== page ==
Wholesale prices surged in October, largely as a result of higher costs for gasoline, cars and light trucks, according to a report from the government. On a busy day for economic data, separate reports showed consumer sentiment making a comeback, while industrial production slid.

The Labor Department's

producer price index rose 1.1%, including a 4.2% increase in energy prices. The core index, which excludes the food and energy components, rose 0.5%.

The PPI report, which measures inflation at the wholesale level, came in well above analysts' expectations of a 0.3% increase in the overall index and a 0.1% forecast for the core index.

Consumer Moods Improve

Consumers appear to be getting more optimistic, just in time for the holiday shopping season, according to the latest

consumer sentiment survey from the University of Michigan. The preliminary sentiment reading for November came in at 85, up from 80.6 in October. Analysts expected a reading of 82.

The increase was the first in six months. The current situation index rose to 93.8 from 92.4, and the expectations index rose to 79.2 from 73.1.

Industrial Output Slides

The

Federal Reserve

said

industrial production fell 0.8% in October, against economists' estimates for a decline of 0.4%. Automobiles, appliances and furniture lead the drop, but every major sector was down.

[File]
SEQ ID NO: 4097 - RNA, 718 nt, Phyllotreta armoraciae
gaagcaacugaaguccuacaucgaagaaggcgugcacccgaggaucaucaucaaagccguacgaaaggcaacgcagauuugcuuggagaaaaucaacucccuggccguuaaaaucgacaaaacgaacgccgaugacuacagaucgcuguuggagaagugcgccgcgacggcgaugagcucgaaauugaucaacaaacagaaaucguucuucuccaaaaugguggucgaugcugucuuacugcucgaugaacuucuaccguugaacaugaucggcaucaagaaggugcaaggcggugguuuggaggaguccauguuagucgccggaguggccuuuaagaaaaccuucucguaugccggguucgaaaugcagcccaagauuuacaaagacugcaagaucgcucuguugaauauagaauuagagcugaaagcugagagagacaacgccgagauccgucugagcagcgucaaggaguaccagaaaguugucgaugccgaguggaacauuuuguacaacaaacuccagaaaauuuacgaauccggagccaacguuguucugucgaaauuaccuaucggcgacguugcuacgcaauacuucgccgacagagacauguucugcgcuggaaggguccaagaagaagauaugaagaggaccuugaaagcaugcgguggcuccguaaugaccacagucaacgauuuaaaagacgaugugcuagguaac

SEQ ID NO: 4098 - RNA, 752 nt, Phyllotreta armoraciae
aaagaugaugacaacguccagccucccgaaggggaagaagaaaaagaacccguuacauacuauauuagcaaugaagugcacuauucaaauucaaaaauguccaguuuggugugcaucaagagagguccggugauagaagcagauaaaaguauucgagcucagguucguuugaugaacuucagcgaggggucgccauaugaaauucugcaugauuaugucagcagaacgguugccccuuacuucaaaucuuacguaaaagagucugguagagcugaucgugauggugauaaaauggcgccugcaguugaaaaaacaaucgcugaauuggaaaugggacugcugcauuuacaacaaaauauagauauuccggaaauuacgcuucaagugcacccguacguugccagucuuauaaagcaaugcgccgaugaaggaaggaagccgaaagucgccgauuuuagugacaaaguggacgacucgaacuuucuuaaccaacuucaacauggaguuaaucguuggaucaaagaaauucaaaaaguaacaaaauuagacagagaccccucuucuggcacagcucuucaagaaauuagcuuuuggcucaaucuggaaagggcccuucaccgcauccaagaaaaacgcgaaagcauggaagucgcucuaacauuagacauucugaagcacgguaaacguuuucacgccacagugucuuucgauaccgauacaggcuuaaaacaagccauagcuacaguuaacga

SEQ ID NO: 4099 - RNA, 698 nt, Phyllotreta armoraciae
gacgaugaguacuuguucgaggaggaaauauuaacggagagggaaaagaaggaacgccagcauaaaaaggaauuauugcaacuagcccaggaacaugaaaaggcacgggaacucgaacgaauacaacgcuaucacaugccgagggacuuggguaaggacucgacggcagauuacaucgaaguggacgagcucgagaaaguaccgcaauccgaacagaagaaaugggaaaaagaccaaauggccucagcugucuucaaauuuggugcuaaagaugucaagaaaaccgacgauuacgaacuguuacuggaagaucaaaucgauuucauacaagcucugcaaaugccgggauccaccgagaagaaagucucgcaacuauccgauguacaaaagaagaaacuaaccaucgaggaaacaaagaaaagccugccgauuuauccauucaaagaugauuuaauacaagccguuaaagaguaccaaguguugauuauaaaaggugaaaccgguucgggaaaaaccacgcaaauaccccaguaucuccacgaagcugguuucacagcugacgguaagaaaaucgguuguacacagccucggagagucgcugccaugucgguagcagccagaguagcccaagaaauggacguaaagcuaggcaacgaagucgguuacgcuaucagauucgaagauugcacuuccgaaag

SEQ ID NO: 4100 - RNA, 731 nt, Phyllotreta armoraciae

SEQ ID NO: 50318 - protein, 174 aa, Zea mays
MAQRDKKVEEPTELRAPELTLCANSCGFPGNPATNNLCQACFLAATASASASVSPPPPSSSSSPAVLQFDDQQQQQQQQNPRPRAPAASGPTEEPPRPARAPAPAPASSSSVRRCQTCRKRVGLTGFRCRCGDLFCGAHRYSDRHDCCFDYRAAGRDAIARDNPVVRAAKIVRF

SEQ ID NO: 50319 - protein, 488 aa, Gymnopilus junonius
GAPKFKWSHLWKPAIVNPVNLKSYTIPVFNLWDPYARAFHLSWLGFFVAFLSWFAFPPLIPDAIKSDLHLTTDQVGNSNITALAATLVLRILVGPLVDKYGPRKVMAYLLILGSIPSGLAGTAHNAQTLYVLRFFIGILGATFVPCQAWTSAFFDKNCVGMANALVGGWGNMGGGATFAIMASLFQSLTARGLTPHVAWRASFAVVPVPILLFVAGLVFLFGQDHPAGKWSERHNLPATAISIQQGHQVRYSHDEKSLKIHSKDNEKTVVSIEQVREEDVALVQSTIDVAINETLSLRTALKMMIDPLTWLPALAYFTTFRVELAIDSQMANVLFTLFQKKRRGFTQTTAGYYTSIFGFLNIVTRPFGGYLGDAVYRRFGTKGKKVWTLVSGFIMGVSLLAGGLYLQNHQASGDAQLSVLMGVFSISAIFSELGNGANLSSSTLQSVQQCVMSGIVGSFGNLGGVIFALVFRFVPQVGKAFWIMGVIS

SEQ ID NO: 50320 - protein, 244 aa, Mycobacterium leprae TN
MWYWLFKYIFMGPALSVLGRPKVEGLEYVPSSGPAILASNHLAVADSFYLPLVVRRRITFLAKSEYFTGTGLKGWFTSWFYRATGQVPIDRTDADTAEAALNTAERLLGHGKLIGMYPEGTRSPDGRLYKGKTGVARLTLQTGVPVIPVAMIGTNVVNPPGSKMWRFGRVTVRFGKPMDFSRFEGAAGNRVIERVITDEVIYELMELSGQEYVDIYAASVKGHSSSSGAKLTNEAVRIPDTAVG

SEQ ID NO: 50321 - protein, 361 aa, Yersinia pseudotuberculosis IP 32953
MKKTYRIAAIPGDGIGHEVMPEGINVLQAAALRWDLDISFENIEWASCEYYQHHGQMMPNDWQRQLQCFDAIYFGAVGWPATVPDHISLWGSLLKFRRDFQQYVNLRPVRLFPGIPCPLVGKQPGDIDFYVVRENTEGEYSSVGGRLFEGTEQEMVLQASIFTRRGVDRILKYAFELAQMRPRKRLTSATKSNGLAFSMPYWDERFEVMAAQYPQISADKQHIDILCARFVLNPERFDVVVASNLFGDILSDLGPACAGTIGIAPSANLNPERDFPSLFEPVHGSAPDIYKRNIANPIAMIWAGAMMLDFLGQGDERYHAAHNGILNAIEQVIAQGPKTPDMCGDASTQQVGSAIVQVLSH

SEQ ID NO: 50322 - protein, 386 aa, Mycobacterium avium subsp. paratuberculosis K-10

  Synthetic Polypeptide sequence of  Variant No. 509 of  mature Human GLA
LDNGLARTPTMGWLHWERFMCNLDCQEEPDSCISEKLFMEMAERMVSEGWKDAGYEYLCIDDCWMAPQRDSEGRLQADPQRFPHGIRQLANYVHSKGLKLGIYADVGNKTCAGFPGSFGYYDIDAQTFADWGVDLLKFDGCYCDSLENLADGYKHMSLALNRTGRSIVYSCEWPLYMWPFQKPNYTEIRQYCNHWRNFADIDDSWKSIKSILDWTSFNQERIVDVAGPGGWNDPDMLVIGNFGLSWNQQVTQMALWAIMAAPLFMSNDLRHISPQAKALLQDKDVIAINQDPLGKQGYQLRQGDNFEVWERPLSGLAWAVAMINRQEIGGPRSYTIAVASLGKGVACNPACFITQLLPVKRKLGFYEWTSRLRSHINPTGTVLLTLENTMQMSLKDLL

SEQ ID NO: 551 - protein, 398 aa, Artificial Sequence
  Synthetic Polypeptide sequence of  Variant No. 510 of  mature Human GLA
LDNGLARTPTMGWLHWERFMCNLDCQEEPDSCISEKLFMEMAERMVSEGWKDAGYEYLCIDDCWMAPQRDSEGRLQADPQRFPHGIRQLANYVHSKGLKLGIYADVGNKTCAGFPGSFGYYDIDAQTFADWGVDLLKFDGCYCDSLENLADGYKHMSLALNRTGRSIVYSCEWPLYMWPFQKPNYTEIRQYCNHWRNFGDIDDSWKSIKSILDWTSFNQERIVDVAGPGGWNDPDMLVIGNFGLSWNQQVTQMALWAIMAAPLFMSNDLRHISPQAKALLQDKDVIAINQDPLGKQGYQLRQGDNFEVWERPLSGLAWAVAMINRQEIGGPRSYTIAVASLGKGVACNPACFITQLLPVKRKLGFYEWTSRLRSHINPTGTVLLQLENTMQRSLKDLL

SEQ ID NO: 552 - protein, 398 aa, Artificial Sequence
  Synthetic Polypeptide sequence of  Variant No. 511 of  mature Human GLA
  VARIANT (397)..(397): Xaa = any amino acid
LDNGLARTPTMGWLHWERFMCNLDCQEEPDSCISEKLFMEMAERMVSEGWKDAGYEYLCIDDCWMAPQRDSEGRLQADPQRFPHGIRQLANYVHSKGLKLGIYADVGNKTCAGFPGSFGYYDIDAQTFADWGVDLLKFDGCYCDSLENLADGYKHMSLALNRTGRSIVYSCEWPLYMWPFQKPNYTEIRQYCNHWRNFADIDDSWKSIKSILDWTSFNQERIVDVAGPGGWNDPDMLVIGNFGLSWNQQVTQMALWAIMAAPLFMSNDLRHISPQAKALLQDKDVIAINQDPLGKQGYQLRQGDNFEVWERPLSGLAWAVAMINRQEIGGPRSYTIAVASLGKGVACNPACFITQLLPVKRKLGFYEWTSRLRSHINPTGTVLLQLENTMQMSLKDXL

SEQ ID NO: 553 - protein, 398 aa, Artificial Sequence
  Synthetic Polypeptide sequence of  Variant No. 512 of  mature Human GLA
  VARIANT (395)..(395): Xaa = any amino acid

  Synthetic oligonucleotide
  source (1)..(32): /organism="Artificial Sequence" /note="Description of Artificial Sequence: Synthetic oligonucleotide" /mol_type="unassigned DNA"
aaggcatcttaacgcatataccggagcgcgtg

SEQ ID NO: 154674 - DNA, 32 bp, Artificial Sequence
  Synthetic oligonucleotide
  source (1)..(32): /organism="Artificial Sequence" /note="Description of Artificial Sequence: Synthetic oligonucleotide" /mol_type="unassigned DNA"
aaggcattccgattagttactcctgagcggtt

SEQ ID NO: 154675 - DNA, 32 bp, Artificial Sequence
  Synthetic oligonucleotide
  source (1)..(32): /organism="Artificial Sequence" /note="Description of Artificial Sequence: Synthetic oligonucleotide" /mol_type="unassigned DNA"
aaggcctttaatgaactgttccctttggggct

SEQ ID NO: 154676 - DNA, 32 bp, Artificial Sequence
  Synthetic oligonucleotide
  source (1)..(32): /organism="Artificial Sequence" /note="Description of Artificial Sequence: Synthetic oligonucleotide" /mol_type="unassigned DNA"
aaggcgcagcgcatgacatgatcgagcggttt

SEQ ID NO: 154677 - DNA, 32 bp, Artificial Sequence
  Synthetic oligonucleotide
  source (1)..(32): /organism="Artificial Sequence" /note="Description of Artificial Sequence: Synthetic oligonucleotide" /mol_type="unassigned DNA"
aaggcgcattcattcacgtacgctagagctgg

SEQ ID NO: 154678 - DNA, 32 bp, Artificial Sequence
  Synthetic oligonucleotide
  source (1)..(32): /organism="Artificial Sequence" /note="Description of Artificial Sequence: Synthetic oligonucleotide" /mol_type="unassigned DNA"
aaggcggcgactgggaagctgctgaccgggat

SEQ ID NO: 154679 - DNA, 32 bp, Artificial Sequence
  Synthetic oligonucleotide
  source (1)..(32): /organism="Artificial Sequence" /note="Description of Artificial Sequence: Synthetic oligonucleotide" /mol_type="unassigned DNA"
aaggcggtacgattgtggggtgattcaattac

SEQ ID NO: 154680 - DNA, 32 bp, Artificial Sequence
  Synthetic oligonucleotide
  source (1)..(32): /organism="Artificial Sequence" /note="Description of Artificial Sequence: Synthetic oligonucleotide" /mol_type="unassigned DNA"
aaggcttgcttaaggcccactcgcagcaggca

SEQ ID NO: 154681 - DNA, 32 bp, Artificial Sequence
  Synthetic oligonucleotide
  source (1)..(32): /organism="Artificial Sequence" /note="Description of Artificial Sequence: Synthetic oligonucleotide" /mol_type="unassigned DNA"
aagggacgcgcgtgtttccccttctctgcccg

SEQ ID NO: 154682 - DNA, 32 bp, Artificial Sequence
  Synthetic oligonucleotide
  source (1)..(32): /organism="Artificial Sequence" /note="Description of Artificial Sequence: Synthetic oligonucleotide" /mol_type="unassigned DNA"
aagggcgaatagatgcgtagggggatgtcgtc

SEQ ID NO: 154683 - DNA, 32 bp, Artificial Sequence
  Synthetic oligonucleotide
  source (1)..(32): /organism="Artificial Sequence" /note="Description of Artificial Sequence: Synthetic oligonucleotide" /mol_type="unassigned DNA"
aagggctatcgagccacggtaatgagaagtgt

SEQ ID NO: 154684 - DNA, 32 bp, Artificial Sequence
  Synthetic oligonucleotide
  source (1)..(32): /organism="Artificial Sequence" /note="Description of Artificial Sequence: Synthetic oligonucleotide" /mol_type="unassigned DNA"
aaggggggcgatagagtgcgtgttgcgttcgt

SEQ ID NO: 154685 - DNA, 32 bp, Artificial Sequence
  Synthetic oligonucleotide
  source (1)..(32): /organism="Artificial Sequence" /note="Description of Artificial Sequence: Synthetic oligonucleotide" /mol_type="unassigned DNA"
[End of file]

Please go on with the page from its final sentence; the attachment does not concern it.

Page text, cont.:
The report, which measures output at factories, utilities and mines, fell for the third month in a row. Industrial output for September was revised down to a 0.2% decline from the 0.1% drop originally reported.

Capacity utilization fell to 75.2% from September's revised level of 75.8%. Analysts expected utilization to slip to 75.6%.

Following the release of the data, U.S. Treasuries were mixed. The two-year note was flat, while the five-year and the 10-year were each losing 3/32. The 30-year bond was gaining 8/32.

Stock measures were modestly lower. The

Dow Jones Industrial Average

and the

S&P 500

were each declining by around 0.6%, and the

Nasdaq

was losing 1.5%.